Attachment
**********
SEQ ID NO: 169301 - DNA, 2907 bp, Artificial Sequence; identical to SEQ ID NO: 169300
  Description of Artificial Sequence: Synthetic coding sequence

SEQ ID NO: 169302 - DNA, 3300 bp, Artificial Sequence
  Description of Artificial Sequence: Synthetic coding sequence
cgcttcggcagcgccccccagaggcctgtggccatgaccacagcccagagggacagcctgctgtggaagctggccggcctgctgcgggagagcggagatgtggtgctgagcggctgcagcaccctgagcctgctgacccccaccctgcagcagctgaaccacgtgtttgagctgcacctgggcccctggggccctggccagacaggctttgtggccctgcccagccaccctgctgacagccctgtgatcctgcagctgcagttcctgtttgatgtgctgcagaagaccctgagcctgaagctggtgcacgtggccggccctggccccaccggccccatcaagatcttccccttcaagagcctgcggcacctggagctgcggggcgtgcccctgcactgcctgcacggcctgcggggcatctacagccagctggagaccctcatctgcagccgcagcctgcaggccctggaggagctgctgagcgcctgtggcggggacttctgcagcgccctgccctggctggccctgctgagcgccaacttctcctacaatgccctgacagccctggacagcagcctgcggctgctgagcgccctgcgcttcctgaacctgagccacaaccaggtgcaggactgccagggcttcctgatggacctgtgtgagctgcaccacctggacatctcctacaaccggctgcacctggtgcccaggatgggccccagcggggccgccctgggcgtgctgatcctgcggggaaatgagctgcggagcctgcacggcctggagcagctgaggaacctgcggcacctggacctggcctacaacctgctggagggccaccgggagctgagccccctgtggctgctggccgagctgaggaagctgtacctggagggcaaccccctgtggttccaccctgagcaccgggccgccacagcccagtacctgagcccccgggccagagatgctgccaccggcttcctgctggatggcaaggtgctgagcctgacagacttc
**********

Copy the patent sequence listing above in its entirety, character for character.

SEQ ID NO: 169301 - DNA, 2907 bp, Artificial Sequence; identical to SEQ ID NO: 169300
  Description of Artificial Sequence: Synthetic coding sequence

SEQ ID NO: 169302 - DNA, 3300 bp, Artificial Sequence
  Description of Artificial Sequence: Synthetic coding sequence
cgcttcggcagcgccccccagaggcctgtggccatgaccacagcccagagggacagcctgctgtggaagctggccggcctgctgcgggagagcggagatgtggtgctgagcggctgcagcaccctgagcctgctgacccccaccctgcagcagctgaaccacgtgtttgagctgcacctgggcccctggggccctggccagacaggctttgtggccctgcccagccaccctgctgacagccctgtgatcctgcagctgcagttcctgtttgatgtgctgcagaagaccctgagcctgaagctggtgcacgtggccggccctggccccaccggccccatcaagatcttccccttcaagagcctgcggcacctggagctgcggggcgtgcccctgcactgcctgcacggcctgcggggcatctacagccagctggagaccctcatctgcagccgcagcctgcaggccctggaggagctgctgagcgcctgtggcggggacttctgcagcgccctgccctggctggccctgctgagcgccaacttctcctacaatgccctgacagccctggacagcagcctgcggctgctgagcgccctgcgcttcctgaacctgagccacaaccaggtgcaggactgccagggcttcctgatggacctgtgtgagctgcaccacctggacatctcctacaaccggctgcacctggtgcccaggatgggccccagcggggccgccctgggcgtgctgatcctgcggggaaatgagctgcggagcctgcacggcctggagcagctgaggaacctgcggcacctggacctggcctacaacctgctggagggccaccgggagctgagccccctgtggctgctggccgagctgaggaagctgtacctggagggcaaccccctgtggttccaccctgagcaccgggccgccacagcccagtacctgagcccccgggccagagatgctgccaccggcttcctgctggatggcaaggtgctgagcctgacagacttc